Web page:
A new genus and species of gibbon has been identified in the most unexpected of places – interred in the tomb of an ancient Chinese noble-woman.
The remains of this now extinct Holocene gibbon represent the first documented evidence of ape extinction following the last ice-age, and according to this report by Sam Turvey et al., the gibbon may have also been the first to vanish as a direct result of human activity; the findings thus challenge the notion that ape species haven’t been rendered extinct by humans, throughout time.
The remains of the gibbon were discovered amidst the grave-menagerie of an approximately 2200-2300 year-old tomb in in the ancient capital city of Chang’an, in modern Shaanxi China.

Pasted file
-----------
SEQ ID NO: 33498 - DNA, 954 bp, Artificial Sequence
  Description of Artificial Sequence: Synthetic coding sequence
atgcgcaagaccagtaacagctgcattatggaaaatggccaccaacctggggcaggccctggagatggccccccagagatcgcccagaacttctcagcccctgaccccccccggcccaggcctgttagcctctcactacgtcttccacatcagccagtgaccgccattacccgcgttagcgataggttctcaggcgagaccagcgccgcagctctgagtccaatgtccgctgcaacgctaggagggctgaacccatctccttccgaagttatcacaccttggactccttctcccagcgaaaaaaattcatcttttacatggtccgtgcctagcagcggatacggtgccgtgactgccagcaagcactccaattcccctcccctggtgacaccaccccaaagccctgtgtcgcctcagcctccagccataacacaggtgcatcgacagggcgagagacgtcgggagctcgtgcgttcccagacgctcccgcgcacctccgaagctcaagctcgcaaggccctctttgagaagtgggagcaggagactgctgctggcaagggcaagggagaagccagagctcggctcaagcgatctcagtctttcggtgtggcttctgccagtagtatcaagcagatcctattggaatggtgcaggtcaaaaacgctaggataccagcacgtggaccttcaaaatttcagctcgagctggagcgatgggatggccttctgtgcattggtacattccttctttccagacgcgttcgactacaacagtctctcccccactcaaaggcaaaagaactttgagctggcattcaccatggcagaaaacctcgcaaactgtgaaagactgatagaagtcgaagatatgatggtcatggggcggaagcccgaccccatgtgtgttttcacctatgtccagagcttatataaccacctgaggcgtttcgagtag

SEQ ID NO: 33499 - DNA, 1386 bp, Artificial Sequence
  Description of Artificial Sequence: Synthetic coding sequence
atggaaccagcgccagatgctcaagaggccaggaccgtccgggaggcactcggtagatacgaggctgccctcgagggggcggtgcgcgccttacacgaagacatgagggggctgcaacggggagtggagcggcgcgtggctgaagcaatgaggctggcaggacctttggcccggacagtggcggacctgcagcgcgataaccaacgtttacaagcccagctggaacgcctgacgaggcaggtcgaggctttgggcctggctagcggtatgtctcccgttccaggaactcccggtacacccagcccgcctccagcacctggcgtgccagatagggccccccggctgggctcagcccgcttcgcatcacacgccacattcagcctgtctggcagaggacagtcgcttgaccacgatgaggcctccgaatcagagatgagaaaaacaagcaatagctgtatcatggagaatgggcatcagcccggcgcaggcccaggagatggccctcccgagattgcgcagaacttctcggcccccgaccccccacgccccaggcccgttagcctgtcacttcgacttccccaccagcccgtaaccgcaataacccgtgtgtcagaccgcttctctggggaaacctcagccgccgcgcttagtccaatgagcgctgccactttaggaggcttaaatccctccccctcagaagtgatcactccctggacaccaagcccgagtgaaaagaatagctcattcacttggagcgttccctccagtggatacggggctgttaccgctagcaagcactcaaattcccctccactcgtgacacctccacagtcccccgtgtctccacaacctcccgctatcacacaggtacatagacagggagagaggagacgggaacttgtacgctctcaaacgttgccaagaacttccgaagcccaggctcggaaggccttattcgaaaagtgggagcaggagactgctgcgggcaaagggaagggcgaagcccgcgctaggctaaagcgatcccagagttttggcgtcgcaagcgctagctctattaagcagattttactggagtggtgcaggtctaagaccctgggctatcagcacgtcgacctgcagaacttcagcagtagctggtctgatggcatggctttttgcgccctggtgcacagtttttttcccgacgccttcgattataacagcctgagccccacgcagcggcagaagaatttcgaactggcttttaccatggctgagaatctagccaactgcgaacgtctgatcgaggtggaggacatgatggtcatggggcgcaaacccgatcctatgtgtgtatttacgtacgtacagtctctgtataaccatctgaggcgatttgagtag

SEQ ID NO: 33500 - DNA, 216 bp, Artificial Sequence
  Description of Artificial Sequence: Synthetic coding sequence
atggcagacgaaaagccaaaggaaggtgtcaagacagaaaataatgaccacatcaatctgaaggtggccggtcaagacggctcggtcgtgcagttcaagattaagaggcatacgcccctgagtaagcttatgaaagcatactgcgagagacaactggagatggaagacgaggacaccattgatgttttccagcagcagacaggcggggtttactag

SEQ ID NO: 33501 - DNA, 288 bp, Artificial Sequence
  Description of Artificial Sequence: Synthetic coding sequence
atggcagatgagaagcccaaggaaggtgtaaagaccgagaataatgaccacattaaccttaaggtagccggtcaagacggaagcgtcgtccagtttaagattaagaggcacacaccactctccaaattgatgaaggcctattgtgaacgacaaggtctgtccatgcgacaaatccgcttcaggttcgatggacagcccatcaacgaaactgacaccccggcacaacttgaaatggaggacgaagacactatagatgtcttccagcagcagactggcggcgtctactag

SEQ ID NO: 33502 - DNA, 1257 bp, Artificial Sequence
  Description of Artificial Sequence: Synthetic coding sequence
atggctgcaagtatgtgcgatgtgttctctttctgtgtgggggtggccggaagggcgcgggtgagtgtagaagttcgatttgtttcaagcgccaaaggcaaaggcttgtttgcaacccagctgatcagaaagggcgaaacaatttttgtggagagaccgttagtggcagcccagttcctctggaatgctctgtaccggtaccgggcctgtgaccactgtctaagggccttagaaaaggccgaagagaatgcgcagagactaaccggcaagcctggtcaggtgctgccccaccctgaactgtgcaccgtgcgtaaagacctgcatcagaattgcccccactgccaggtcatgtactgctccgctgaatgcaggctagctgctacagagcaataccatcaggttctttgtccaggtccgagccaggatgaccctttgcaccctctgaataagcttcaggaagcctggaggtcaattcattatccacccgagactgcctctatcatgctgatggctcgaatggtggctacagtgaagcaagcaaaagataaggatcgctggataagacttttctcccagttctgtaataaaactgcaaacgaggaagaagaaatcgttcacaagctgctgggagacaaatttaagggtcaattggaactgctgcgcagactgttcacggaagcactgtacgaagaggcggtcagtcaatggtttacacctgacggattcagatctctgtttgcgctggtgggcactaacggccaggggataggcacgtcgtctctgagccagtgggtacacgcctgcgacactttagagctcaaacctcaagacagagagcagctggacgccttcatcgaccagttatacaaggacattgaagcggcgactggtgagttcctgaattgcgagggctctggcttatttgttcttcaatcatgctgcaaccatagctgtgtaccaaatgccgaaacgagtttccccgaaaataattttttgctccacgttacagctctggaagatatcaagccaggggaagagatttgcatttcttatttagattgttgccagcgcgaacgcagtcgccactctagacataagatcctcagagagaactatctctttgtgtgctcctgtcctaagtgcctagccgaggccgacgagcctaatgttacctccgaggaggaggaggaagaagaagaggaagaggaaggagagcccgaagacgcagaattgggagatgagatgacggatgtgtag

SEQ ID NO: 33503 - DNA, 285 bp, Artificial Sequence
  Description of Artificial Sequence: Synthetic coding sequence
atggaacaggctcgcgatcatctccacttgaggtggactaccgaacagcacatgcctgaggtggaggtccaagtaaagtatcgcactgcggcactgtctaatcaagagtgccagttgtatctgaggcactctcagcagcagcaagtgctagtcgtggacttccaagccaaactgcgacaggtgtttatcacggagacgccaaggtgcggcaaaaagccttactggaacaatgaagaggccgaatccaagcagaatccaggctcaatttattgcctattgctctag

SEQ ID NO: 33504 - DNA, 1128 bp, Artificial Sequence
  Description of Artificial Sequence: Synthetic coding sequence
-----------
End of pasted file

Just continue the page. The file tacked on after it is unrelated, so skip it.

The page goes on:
At the time, gibbons were perceived as ‘noble,’ and also kept as high-status pets. The tomb in which the remains were found – and perhaps the gibbon itself – may have belonged to Lady Xia, the grandmother of China’s first emperor. Consisting primarily of a partial facial skeleton, the mysterious gibbon’s remains were compared to known living and extinct hylobatids.
Their gibbon, which the authors named Junzi imperialis, is a new genus and species, the authors say, based on detailed analyses of cranial and dental measurements. Their results suggest that until recently, eastern Asia supported a previously unknown, yet historically extinct population of apes, and, too, that human-caused primate diversity loss in the past may be underestimated.
Historical accounts describe gibbons being caught near Chang’an into the 10th century and inhabiting Shaanxi Province until the 18th century. These recent accounts may represent other undescribed, now extinct, species.